I’d give my left ta-ta to be able to shoot inside Jay’s house! Your images look great the way you’ve had them matted & framed. I think Jay would be proud. ;)
Those are great photographs
I’m sticking with my bet. The light isn’t entirely even and there are subtle light reflections from one surface to another. Faux mats are flat in tone and the shadows different. I use them a lot on my blog and ran a tutorial on how to do it back in 2010 http://jims-ramblings.blogspot.com/2010/09/making-digital-pseudo-mat.html. You could add touches to make them more realistic but it’s a lot of work for a mat.
If you wanted to make a digital version of a frame that looked like this the best (easiest) way would be to make an actual framed piece with a flat black panel in place of the image, photograph it under the lighting you wanted, then select and erase the black area. You’d then have a frame mask to drop over any image you wanted that would look totally ‘real’.
Read my response to your previous comment. :)
Do I win anything here? 8) j/k
Scott , amazing interview ! Amazing man !
Amazing soundtrack , please can you drop some artist’s name for this sweet music ?
Thanks a lot.
The name of the band is in the credits at the end of the class. :)
Hey Scott, were some of the tracks on the film not publicly available? The piece for the end credits is particularly pleasing to me. I’ve looked around the web, not sure if all tracks are available to buy in the version used on the soundtrack. Do you know?
Amazing sounds to a truly incredible film.
Many thanks. Jonathan
Looks like I may have found them. Couldn’t see the wood for the trees. ;)
I have to say I really enjoyed this video(s). Not so much for it’s teaching and tips but for it’s entertainment value. It felt more like a documentary on a great photographer. I think you should do more like this with some of the other photographers who’ve been in the business through the years and maybe get more insight on things then and now.
Hi Scott – any chance of the May 6th live event being put online for KelbyTraininger subscribers to watch it? I already watched “Another day with Jay Maisel” which is great, but I’m sure there was some other great things during the live event as well, right? :)
Thanks in advance and thanks for making two great Jay Maisel videos!
We’re talking about that right now—-releasing kind of a “Director’s Cut” with Jay’s live stuff cut in. He was a fascinating live guest, and answered a lot of great questions. :)
Awesome news, thanks Scott. I’ll sit glued to my monitor until it has been released :D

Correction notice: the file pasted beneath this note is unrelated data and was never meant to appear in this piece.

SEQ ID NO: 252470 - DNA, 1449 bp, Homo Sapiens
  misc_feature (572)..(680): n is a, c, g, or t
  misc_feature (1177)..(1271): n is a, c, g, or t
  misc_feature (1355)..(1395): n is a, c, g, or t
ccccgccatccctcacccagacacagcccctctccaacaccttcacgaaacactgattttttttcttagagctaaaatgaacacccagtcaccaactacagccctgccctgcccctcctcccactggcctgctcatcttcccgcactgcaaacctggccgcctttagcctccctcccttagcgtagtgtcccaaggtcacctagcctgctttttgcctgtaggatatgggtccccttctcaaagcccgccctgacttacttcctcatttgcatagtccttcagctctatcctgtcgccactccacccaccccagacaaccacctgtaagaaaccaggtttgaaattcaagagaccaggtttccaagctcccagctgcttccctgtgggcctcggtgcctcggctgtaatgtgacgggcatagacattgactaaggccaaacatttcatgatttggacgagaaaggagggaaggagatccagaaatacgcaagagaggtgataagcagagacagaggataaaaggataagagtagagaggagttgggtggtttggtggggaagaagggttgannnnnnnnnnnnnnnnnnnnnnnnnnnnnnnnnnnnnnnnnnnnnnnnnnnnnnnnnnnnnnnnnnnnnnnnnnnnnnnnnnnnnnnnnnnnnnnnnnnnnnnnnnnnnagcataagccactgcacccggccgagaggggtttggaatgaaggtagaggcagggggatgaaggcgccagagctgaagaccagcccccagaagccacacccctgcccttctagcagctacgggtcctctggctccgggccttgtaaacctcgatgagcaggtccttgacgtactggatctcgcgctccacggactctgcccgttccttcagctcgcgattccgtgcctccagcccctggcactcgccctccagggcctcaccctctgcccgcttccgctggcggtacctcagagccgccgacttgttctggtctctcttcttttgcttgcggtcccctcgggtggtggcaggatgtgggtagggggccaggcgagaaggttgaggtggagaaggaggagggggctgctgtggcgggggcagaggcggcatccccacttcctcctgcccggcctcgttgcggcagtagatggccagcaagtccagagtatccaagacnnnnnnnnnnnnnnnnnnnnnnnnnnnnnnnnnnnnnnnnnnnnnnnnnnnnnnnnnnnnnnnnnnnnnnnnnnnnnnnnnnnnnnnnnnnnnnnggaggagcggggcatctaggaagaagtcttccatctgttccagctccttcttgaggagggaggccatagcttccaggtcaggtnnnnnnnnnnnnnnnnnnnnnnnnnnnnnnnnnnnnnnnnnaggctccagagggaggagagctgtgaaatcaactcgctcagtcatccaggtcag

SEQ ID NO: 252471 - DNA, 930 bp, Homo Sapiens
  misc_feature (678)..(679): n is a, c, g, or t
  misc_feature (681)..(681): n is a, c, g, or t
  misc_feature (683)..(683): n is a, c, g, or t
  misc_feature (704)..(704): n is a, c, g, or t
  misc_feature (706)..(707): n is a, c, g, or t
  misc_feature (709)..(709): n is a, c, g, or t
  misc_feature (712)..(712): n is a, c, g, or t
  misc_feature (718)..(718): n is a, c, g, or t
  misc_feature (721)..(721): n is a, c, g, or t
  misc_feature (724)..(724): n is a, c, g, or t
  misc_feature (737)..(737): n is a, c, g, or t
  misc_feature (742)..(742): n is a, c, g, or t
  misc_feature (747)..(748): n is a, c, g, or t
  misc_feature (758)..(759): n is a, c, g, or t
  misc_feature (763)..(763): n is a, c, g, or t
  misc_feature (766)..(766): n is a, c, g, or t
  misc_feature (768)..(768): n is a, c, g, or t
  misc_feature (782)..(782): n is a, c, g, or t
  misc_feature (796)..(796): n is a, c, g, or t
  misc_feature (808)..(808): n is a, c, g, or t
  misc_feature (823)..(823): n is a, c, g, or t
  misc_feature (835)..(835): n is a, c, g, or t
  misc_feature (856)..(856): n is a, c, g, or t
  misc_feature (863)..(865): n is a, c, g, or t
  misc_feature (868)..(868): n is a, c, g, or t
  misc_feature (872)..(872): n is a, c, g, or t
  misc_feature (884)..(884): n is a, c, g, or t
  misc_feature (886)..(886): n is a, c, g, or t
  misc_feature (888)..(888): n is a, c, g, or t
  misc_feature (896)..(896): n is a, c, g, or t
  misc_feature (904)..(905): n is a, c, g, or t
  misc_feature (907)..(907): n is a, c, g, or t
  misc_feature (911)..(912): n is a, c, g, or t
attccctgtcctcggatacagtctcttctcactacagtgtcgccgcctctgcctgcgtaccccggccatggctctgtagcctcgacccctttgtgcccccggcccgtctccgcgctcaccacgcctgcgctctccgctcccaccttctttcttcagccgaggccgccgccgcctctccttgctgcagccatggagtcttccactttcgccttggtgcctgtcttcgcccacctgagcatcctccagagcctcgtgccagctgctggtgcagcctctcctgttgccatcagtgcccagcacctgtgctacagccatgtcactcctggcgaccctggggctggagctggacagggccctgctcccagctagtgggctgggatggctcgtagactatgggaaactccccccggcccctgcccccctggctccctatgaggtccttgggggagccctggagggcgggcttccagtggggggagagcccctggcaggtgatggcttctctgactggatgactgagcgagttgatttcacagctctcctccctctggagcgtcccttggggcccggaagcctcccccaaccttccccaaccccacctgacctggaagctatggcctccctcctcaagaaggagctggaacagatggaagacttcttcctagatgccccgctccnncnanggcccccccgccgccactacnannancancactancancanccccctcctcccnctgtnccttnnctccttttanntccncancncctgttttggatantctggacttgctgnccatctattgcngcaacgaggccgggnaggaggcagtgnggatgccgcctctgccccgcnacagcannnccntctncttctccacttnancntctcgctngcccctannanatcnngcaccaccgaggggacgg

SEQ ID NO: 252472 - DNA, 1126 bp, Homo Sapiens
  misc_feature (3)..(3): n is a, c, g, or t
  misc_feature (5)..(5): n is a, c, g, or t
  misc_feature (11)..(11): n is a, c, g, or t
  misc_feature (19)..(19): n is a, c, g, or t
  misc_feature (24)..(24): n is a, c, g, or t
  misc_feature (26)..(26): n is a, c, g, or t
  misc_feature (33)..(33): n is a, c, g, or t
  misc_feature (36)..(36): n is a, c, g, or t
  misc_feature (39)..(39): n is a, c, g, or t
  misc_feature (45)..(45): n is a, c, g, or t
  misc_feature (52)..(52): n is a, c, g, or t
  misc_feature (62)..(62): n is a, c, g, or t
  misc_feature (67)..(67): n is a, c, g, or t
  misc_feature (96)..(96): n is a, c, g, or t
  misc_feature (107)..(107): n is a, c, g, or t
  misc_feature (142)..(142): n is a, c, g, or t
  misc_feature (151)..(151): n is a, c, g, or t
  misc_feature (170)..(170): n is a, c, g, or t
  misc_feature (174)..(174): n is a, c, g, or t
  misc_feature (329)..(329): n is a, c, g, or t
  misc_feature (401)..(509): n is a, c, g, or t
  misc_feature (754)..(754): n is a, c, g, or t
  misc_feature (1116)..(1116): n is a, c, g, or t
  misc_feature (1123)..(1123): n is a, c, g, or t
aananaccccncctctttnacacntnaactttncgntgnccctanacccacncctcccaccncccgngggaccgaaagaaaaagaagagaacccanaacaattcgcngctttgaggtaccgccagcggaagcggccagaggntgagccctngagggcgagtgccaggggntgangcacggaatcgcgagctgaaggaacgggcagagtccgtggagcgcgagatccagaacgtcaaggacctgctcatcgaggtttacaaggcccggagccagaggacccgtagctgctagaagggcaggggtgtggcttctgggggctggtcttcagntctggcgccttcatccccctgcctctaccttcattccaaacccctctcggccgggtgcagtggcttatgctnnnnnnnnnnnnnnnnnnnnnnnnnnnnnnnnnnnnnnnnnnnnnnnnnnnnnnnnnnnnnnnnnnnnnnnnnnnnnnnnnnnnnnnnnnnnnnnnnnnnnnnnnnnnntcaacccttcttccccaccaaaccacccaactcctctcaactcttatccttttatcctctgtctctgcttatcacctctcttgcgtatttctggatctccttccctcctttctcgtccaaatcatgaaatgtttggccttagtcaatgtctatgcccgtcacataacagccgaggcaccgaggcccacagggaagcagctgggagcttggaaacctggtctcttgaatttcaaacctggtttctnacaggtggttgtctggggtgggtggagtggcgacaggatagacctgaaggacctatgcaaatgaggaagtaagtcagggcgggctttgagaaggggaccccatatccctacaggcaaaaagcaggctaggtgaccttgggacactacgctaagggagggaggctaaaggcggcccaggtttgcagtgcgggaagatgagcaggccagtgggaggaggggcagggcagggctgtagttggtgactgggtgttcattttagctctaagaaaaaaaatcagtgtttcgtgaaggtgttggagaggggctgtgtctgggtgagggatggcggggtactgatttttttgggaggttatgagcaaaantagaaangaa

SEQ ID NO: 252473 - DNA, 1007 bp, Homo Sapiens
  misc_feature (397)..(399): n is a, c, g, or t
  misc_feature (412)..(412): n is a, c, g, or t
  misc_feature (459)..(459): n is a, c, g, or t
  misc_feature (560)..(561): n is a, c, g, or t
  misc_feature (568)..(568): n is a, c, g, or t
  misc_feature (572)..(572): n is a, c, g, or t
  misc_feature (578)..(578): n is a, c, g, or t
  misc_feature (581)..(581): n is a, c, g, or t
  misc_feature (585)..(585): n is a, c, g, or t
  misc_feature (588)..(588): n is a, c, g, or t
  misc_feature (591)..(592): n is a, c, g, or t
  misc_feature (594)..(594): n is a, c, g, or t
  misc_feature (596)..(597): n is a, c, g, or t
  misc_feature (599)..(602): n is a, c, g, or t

Wow this would be great!!! I had to miss the live event and would love to see the “Director’s Cut” version of the class over at KelbyTraining
These are excellent shots and we really enjoyed the broadcast.
Ok…I have to ask. Any chance you might share your psd file with us?
Minus the layer with your sig of course..;>)
Scott, I absolutely loved this seminar on Kelby Training! I’m not sure that I agree with everything Jay has to say about photography, but you just can’t deny his skill and amazing eye for photography, in addition to his character and wit.
The tour through his studio was nuts with all of his cool stuff! I can’t believe you got such interesting photos from just shooting available light in what looked like a tight space …eh, well actually I can, you da man! :)
wow really cool those shots, it look like a museum, very nice and the video w Jay Maisel was amazing, jay’s house is like living in a museum , just love the way Jay is, old school photographer !!!
Scott, your interview with Jay was outstanding; I watched it all on the new Ipad app.
Your photos are inspiring. I have a lot of stuff in my basement too….
I agree with Joe Zimmerman – you should do days with some of the other photographers as well. Also, in Paris or elsewhere, another Day with Jay would be great.
Also, I thought I had a lot of stuff, but all mine’s not a drop in the bucket compared to Joe’s. Would love to be able to shot in there.
The tour of Jay’s house was amazing! I can only imagine what else he has in there after all those years. Thanks for sharing a little bit of it. Enjoyed the class immensely! Hoping there is more to come.
Amazing Scott. How about a couple framing techniques?
Another great example of how looking….really looking shows there are pictures everywhere. Great shots and love the presentation too.
Scott, lovin’ the suggestion from Klaus about putting the studio chat with Jay on Kelby Training too. There was so much said on camera away from the actual ‘Another Day with Jay Maisel’ you’d have a Kelby Class there in itself.
Great work as always,
All the best to you and yours,
Wonderful Scott. Love the image with the M ~ .
The shots look great, indeed. There is some magic simplicity in well positioned, colorful everyday objects. And the frames- neat idea! Thanks for sharing the trick.
These are great. The framing is really attractive.
I have heard Scott say on numerous occasions….. ” I got nothing….. I go nothing..” Well, I am here to tell you that you got something that day. These are just down right amazing. See just hanging out with Jay has made you a better photographer. Nice work Scott.